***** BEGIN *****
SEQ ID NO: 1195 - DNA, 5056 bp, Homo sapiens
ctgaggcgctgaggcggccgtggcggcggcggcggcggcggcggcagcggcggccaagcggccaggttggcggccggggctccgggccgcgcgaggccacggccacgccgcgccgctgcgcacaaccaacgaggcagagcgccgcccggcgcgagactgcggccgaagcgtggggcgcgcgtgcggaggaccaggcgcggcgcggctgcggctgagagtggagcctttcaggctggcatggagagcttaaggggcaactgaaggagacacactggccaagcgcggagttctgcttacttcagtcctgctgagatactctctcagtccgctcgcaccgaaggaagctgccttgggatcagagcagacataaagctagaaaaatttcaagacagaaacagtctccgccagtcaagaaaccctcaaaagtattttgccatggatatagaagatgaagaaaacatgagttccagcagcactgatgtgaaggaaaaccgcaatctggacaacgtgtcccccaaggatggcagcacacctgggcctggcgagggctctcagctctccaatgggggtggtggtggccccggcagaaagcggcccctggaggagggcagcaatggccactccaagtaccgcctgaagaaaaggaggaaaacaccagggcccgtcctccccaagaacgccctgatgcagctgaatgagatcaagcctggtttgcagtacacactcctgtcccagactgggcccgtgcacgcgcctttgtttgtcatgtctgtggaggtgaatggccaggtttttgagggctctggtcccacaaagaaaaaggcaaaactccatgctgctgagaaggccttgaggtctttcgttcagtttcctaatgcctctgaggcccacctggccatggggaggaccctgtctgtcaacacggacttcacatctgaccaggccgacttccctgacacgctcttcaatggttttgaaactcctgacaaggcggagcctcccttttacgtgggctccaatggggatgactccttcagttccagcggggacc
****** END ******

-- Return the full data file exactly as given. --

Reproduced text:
SEQ ID NO: 1195 - DNA, 5056 bp, Homo sapiens
ctgaggcgctgaggcggccgtggcggcggcggcggcggcggcggcagcggcggccaagcggccaggttggcggccggggctccgggccgcgcgaggccacggccacgccgcgccgctgcgcacaaccaacgaggcagagcgccgcccggcgcgagactgcggccgaagcgtggggcgcgcgtgcggaggaccaggcgcggcgcggctgcggctgagagtggagcctttcaggctggcatggagagcttaaggggcaactgaaggagacacactggccaagcgcggagttctgcttacttcagtcctgctgagatactctctcagtccgctcgcaccgaaggaagctgccttgggatcagagcagacataaagctagaaaaatttcaagacagaaacagtctccgccagtcaagaaaccctcaaaagtattttgccatggatatagaagatgaagaaaacatgagttccagcagcactgatgtgaaggaaaaccgcaatctggacaacgtgtcccccaaggatggcagcacacctgggcctggcgagggctctcagctctccaatgggggtggtggtggccccggcagaaagcggcccctggaggagggcagcaatggccactccaagtaccgcctgaagaaaaggaggaaaacaccagggcccgtcctccccaagaacgccctgatgcagctgaatgagatcaagcctggtttgcagtacacactcctgtcccagactgggcccgtgcacgcgcctttgtttgtcatgtctgtggaggtgaatggccaggtttttgagggctctggtcccacaaagaaaaaggcaaaactccatgctgctgagaaggccttgaggtctttcgttcagtttcctaatgcctctgaggcccacctggccatggggaggaccctgtctgtcaacacggacttcacatctgaccaggccgacttccctgacacgctcttcaatggttttgaaactcctgacaaggcggagcctcccttttacgtgggctccaatggggatgactccttcagttccagcggggacc